Can UNC go back-to-back?
May 30, 2022 by Jenna Weiner in News, Recap with 0 comments
MILWAUKEE, Wisc. — #1 vs. #2. Tiki-taka small ball takes on aggressive long ball. Two Callahan winners face off against an Olympian. It’s Carolina versus Colorado, and it’s gonna be fun.
The UNC Pleiades come into their matchup with Colorado Quandary as reigning champions, the program picking up their first-ever title with a dominant run in the bracket in 2021 punctuated by a 15-6 final win over Washington Element. Although their wins haven’t been as comprehensive this season, the top seeded team from the Triangle remains unbeaten and showed off their incredible ceiling in a comfortable 15-8 semifinal win against the UCSB Burning Skirts. With this year’s Callahan winner Dawn Culton leading a UNC defense that is one of the best in the business and 2020 Callahan winner Anne Worth returning from an ACL tear to supplement a stacked Pleiades offensive line, there’s no shortage of reasons to think UNC will join Dartmouth and Stanford to go back-to-back since the turn of the century.
What’s the case for Colorado, then? Who, or what, will propel Quandary to follow Pleiades in earning the storied program’s first title? Let’s start with their aforementioned Olympian, Stacy Gaskill, who has put up a monster 8G/17A/10B statline in Milwaukee, proving pivotal to Colorado’s success with her size and throwing ability. Gaskill will be a matchup problem for whoever has to mark up on her, even Culton, and if Quandary are to pull off the upset they’ll need Gaskill to come up big. Of course, this isn’t a one-person team, and Gaskill’s downfield targets include Kristen Reed and Emma Cortright, both recent experienced additions that have enabled Colorado to air the disc out, a key part of their dynamic offense.
While Quandary’s path to the championship game wasn’t nearly as clean as UNC’s, they’ve shown remarkable growth throughout the season. They took some unexpected losses early in the season at Presidents’ Day Invite and Stanford Invite out in California, but then put together a solid performance at Northwest Challenge, their only losses up in Seattle coming to UNC. They followed that up by rolling through the South Central region in the series. Over the course of this weekend, Quandary topped a tough Pool B before roaring back with a 10-0 run against Vermont after being down 8-5 in the quarterfinal and beat out Carleton in the semifinals 15-11. Colorado has been tested this weekend, there’s no doubt about that, and if they’re going to pull off the win over UNC on the third try this season, they’ll need to lean on that resilience they’ve shown throughout these Nationals.
As for Pleiades, the plan will be to just keep on keepin’ on: their disciplined approach makes most offensive possessions all but assured of ending in a UNC score, while Culton, Grace Conerly, and Sydney Rehder marshal a defensive line whose offensive execution at times rivals their O-line counterparts. Those O-line players are no slouches, though. Alex Barnett, who has a team leading 14 assists; Ella Juengst, who leads the Pleiades with 11 goals; and Theresa Yu, with eight assists of her own, direct a dominator offensive set which is able to cruise calmly up the field regardless of whether they face a person or zone defense. That combination of offensive efficiency and defensive intensity has kept UNC in control and undefeated throughout their first full season in three years, including tight wins against Stanford and UBC in the first game of pool play and the quarterfinal round, respectively. Ask the Pleiades coaches, though, what the key to their success has been, and they’ll more than likely point to the team’s depth, with the robust Triangle youth scene continuing to add to UNC’s treasure trove of talent.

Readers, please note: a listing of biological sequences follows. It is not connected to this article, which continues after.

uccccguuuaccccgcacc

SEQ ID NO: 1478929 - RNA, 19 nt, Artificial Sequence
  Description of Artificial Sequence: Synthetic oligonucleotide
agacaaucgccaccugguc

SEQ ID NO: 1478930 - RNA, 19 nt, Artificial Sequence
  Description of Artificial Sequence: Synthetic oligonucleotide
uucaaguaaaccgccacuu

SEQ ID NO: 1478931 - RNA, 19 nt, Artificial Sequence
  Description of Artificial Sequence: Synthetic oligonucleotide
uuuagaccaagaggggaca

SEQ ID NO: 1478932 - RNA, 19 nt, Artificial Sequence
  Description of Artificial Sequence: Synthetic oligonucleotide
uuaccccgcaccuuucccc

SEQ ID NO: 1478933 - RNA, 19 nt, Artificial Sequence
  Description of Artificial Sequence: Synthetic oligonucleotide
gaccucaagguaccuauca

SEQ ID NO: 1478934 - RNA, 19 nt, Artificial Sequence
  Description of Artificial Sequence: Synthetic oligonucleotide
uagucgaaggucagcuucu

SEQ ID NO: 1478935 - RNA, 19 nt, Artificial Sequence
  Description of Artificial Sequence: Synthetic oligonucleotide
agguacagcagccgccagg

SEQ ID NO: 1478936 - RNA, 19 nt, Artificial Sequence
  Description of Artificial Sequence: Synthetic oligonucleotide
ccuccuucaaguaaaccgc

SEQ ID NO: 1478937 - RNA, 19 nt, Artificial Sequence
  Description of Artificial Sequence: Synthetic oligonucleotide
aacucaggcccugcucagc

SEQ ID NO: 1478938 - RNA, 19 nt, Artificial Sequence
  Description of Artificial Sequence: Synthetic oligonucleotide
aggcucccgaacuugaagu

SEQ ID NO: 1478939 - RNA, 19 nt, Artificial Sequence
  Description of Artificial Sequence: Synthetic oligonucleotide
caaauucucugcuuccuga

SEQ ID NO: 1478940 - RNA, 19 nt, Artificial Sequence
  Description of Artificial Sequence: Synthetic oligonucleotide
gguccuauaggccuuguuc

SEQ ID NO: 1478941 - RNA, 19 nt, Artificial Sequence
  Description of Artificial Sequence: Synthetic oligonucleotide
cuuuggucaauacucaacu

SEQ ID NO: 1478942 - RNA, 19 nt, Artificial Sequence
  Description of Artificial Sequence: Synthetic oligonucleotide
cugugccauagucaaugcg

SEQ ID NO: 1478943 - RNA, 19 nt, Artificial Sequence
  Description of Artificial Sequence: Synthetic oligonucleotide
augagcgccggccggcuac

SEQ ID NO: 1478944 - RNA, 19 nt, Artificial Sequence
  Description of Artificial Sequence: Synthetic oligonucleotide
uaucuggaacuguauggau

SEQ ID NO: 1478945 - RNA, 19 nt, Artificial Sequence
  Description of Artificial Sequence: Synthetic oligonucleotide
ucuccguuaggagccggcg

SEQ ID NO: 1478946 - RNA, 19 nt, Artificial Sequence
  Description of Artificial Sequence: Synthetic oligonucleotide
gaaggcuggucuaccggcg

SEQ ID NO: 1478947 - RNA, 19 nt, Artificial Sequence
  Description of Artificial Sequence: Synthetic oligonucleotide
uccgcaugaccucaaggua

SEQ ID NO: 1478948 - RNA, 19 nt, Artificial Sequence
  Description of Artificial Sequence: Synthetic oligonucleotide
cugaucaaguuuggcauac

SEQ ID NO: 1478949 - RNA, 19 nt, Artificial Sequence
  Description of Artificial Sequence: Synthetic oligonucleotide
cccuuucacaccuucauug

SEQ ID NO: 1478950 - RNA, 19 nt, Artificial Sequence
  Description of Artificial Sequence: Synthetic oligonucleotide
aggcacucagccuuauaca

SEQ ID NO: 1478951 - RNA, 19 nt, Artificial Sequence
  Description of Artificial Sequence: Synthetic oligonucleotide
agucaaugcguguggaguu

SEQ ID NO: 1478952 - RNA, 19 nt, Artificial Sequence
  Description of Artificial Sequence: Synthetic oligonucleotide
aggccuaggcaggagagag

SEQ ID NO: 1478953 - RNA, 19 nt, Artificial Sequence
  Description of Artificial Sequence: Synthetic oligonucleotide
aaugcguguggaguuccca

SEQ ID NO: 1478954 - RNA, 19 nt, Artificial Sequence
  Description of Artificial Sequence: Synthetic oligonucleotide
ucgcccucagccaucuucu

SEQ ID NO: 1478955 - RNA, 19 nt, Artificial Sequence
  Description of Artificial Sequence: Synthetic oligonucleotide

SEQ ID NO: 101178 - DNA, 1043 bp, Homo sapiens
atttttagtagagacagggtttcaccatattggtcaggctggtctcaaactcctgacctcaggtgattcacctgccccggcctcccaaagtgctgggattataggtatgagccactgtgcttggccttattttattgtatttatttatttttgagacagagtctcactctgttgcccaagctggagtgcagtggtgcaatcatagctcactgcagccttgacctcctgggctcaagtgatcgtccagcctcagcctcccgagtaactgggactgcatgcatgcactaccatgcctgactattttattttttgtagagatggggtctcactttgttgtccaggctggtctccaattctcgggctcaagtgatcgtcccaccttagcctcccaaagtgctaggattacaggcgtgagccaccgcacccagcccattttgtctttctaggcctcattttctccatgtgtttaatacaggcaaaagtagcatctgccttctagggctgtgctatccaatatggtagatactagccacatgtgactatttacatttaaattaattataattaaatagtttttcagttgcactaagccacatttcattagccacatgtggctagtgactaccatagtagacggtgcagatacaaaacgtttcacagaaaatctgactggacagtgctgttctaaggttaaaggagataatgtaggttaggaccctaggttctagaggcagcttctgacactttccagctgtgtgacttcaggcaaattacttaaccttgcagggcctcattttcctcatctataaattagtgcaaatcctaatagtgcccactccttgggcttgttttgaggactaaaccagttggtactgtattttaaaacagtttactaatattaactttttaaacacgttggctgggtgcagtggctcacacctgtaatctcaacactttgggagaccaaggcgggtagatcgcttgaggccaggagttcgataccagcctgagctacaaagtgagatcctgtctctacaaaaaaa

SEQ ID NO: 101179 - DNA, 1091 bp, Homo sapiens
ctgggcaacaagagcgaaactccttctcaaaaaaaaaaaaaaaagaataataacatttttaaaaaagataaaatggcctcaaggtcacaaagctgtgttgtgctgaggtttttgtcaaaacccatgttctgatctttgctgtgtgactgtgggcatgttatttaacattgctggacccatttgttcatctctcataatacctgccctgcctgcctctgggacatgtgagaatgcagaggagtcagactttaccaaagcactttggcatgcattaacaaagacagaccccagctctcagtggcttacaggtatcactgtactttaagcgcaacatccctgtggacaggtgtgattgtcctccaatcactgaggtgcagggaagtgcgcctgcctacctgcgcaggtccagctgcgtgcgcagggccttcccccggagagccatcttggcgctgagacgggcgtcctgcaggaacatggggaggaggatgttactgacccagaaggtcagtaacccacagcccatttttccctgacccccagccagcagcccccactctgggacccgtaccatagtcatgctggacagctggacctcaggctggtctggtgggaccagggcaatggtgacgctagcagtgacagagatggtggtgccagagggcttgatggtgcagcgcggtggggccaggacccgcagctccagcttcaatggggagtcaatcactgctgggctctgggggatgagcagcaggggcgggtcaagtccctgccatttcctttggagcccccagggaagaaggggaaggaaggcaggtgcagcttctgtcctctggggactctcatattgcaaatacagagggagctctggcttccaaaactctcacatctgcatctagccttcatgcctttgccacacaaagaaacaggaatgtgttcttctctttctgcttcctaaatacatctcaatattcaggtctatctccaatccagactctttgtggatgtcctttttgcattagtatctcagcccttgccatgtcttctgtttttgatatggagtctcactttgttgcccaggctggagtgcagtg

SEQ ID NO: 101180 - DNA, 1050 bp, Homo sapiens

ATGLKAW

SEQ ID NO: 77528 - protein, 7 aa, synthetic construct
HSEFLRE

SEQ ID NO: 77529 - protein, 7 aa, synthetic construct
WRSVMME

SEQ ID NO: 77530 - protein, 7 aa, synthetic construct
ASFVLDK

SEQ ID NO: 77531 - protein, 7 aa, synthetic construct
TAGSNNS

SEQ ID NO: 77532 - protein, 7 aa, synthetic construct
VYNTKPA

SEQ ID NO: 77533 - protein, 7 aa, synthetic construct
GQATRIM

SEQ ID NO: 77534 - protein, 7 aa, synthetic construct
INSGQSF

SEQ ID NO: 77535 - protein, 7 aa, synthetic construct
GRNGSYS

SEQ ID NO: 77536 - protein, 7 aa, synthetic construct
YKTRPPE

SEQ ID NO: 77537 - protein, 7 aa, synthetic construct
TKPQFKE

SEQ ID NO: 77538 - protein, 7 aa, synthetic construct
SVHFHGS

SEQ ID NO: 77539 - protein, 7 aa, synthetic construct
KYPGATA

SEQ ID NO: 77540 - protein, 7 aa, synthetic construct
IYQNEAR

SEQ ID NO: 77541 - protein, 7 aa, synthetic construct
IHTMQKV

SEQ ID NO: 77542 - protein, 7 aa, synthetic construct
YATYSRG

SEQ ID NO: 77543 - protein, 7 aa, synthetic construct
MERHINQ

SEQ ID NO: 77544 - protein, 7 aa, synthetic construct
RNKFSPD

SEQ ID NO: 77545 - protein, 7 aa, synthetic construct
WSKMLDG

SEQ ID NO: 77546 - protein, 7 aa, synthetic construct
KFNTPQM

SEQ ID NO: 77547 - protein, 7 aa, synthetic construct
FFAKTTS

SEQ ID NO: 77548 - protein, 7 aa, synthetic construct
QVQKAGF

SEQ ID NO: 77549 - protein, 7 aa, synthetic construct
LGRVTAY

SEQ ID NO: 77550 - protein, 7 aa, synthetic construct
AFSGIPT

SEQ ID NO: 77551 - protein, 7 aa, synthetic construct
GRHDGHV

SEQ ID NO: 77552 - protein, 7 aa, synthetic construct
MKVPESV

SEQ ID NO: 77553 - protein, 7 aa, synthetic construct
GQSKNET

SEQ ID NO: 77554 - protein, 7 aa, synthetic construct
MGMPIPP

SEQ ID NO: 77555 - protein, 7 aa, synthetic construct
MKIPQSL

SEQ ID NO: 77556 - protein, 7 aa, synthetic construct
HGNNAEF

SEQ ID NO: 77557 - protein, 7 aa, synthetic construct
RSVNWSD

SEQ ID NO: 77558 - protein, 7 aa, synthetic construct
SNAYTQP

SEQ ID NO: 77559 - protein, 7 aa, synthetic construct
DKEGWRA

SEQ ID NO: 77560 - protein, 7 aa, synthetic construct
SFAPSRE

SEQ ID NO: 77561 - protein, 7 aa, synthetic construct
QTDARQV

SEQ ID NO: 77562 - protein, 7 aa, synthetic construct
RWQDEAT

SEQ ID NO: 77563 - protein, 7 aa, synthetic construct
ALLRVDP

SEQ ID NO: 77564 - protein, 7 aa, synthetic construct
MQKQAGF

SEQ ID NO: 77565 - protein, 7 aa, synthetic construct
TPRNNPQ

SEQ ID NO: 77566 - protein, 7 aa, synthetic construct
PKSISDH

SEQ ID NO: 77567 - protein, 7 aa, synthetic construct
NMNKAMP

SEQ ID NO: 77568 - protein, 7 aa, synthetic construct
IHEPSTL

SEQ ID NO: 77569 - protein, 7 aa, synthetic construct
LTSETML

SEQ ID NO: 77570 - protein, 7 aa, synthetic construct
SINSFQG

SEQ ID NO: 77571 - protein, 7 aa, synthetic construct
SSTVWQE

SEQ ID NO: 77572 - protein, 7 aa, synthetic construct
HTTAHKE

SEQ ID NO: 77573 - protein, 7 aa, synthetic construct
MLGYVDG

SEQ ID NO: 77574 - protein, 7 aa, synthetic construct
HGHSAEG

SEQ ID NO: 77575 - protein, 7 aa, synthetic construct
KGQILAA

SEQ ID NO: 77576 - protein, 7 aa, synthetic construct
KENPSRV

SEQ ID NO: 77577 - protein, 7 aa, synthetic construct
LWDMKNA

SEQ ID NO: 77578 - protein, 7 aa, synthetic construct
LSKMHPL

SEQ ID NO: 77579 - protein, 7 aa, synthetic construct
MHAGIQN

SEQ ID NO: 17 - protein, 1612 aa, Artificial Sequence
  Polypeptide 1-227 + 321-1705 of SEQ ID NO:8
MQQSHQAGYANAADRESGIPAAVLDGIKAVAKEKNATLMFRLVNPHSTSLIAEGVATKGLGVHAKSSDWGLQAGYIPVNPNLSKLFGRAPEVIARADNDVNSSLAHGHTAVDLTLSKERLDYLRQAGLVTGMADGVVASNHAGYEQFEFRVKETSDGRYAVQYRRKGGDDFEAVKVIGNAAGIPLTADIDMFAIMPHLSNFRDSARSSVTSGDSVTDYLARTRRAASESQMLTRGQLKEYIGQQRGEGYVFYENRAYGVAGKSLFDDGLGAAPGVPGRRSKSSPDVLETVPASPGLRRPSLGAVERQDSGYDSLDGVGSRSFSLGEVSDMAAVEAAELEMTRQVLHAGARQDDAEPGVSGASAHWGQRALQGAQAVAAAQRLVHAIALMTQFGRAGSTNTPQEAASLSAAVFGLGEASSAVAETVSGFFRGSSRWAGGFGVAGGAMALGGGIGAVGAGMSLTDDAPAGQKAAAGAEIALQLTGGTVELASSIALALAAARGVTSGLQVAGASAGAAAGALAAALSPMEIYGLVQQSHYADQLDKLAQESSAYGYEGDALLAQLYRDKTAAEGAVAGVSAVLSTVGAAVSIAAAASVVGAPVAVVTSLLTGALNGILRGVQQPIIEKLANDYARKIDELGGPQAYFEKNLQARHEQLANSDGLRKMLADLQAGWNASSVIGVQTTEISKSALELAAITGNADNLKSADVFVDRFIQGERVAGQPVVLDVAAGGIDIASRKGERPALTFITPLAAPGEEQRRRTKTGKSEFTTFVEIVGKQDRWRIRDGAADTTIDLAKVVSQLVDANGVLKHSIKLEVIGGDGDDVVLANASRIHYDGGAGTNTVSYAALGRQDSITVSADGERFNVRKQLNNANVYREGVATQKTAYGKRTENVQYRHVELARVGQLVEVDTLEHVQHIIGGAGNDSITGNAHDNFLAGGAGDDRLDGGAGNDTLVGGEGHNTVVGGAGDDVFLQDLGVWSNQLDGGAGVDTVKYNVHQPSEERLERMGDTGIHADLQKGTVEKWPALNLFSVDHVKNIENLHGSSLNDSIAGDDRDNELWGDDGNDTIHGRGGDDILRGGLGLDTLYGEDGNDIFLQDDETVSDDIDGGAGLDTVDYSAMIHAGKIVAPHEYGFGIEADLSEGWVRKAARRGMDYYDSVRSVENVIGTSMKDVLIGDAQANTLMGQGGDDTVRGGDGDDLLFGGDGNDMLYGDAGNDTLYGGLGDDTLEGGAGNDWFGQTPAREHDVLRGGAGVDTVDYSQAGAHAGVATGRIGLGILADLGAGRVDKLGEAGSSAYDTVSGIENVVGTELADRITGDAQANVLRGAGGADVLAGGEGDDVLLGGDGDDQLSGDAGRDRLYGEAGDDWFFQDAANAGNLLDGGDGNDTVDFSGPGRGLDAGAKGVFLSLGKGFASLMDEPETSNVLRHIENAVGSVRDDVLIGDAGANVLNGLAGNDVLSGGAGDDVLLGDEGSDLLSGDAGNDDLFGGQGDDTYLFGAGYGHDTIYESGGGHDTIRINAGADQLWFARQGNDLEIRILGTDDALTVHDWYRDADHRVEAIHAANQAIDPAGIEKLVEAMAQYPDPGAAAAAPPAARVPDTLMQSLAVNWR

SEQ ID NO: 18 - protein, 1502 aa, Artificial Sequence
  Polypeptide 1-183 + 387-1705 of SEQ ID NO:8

Colorado’s roster is likewise filled with outstanding players, both newcomers and long-time team leaders, including Rookie of the Year candidate Abbie Gillach, who’s thrown 16 assists over the course of the weekend, and veteran Rachel Wilmoth, whose all-around excellence has resulted in a 8G/8A/11B stat line. The aforementioned Reed and Cortright have caught 29 goals between them, 16 for Reed and 13 for Cortright, and they hope to be joined downfield by Megan Kenny, who sustained a concussion in Colorado’s semifinal vs. Carleton and may be unavailable against UNC. With Clil Phillips (7G/13A/3B) and Saioa Lostra (5G/6A/6B) among others making crucial contributions throughout the weekend, there’s no doubt that Colorado has the capability to challenge UNC, but the question remains whether they can break through or if the Pleiades will complete the season triple over Quandary.
With the difference in offensive styles–UNC’s patient approach contrasting sharply with Colorado’s inclination to shoot it deep–and the lengthy list of star players for both teams, this title game should make for a fantastic watch. If you’re in Milwaukee be sure to catch it live at 3pm CT, and if not, you can find it live on ESPNU and ESPN3.